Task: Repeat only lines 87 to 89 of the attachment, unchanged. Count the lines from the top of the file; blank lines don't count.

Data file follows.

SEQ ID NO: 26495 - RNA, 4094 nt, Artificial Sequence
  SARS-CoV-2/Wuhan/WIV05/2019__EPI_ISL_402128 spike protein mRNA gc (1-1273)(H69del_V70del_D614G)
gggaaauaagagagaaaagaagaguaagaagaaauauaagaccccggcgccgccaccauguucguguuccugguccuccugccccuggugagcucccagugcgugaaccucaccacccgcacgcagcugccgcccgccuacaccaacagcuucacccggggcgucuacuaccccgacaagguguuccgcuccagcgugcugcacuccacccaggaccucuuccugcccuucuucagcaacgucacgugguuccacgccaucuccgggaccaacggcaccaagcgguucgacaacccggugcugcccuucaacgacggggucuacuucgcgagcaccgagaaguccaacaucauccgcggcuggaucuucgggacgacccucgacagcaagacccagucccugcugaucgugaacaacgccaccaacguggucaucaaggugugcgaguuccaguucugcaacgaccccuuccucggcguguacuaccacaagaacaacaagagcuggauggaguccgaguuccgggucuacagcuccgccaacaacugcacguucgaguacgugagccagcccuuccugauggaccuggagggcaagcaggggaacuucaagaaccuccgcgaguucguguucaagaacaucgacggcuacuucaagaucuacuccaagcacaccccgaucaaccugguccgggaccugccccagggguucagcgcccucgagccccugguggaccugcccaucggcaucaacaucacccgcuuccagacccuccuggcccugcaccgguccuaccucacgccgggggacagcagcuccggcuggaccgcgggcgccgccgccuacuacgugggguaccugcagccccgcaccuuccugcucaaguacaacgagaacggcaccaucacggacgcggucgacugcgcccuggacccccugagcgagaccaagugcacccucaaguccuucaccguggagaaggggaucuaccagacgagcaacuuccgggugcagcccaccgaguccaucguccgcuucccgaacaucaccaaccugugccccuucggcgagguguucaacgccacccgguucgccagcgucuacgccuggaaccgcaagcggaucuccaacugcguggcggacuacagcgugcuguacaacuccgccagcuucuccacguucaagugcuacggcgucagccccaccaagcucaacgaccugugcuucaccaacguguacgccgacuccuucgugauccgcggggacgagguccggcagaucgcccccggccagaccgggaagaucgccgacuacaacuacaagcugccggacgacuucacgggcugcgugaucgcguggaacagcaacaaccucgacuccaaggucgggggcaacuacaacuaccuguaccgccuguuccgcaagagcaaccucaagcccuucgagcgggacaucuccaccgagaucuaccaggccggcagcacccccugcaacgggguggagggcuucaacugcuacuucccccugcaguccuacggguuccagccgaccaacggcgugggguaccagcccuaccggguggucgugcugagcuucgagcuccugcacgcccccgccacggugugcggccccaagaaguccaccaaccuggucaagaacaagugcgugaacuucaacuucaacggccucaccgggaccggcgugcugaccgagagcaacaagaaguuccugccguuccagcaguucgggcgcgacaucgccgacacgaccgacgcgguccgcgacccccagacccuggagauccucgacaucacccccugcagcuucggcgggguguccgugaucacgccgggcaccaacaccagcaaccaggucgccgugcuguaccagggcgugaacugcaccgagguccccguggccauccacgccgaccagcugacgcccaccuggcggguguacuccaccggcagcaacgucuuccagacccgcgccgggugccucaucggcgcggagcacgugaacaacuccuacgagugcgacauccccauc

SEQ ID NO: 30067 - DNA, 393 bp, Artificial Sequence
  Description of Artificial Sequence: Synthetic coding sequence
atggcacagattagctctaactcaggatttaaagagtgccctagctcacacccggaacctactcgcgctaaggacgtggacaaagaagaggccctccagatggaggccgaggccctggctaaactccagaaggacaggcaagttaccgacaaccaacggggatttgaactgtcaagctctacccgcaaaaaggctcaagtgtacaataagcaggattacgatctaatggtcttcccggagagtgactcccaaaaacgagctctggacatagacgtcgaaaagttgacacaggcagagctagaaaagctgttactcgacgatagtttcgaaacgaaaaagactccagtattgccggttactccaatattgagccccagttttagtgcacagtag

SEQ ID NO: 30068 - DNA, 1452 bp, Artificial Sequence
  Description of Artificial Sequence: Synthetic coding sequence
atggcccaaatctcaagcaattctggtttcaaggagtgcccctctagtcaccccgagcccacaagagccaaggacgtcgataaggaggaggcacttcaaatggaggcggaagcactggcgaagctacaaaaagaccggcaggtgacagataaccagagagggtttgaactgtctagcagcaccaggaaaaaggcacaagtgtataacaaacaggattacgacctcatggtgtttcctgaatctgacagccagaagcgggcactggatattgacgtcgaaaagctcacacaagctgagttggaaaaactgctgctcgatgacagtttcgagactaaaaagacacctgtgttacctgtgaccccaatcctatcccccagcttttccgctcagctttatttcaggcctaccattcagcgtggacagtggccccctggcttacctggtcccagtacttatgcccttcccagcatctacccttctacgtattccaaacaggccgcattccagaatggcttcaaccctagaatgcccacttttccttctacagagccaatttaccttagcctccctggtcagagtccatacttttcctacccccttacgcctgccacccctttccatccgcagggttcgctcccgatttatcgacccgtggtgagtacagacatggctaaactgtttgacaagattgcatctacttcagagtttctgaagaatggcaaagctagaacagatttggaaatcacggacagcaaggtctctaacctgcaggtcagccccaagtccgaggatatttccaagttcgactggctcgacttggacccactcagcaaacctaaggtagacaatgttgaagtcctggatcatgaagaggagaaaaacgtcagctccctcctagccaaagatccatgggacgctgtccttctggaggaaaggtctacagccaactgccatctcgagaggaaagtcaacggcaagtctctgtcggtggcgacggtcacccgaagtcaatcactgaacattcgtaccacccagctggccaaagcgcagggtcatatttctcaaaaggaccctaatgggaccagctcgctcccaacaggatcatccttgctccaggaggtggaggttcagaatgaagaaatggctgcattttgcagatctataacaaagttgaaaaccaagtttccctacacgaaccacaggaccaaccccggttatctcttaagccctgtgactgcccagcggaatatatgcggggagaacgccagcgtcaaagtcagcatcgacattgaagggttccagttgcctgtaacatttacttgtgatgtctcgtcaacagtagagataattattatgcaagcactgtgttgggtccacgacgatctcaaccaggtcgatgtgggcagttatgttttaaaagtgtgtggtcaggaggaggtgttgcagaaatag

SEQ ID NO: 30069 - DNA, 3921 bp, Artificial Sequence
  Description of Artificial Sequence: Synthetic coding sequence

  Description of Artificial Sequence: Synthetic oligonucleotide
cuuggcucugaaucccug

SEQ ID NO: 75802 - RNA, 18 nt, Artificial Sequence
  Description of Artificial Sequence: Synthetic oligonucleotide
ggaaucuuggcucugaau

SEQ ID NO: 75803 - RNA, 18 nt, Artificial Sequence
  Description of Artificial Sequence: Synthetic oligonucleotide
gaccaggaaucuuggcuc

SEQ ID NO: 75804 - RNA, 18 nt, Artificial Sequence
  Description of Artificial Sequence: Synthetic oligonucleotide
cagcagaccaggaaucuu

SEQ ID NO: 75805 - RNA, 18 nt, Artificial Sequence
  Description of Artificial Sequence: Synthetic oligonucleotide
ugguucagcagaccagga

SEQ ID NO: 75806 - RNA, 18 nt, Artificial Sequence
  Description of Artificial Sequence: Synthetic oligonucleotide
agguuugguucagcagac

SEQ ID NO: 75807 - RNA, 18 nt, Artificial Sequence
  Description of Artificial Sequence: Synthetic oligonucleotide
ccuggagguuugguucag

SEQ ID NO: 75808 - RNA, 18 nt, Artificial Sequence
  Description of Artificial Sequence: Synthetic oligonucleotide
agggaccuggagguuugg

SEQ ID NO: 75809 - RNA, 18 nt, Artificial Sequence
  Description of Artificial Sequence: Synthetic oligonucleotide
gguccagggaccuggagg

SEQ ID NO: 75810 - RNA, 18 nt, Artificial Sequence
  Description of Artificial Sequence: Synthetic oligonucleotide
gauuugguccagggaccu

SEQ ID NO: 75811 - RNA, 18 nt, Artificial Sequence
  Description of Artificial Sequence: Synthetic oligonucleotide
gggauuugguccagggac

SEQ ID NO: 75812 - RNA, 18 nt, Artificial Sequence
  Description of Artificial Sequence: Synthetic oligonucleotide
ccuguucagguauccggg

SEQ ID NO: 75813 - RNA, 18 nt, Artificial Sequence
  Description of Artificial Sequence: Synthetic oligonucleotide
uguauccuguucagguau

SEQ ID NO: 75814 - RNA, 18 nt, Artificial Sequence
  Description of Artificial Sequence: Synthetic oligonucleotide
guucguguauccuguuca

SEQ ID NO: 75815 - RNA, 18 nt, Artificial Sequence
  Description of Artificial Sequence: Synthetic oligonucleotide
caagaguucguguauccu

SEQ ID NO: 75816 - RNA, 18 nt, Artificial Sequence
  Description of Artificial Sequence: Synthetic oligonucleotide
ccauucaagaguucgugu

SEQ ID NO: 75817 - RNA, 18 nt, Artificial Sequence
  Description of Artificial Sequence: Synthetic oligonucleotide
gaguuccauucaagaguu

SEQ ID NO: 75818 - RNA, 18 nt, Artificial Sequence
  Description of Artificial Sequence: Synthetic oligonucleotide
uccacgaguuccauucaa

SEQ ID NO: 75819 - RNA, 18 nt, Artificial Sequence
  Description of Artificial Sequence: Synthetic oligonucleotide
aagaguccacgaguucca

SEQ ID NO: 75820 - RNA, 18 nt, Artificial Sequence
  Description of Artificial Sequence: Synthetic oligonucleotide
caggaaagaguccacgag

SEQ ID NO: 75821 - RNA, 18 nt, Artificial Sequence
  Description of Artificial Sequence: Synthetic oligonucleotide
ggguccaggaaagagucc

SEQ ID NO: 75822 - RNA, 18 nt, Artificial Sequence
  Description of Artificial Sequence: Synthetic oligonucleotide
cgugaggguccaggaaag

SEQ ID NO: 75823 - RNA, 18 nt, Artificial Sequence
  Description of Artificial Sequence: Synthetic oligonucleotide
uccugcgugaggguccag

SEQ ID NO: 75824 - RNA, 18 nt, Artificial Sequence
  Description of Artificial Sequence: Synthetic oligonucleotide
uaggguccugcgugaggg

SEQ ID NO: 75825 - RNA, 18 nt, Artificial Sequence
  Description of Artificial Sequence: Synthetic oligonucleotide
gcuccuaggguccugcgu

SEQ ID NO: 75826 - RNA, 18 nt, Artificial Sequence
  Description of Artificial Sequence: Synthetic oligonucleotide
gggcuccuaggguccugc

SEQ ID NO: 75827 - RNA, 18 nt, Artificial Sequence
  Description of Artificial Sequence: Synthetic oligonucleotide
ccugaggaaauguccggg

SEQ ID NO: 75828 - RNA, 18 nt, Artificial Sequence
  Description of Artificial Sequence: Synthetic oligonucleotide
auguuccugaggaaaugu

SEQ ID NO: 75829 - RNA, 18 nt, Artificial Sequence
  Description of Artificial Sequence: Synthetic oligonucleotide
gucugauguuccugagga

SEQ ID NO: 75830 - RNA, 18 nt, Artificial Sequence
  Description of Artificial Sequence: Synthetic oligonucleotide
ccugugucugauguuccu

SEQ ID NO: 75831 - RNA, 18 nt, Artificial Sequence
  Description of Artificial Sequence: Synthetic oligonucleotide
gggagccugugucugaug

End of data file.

  Description of Artificial Sequence: Synthetic oligonucleotide
gggcuccuaggguccugc

SEQ ID NO: 75827 - RNA, 18 nt, Artificial Sequence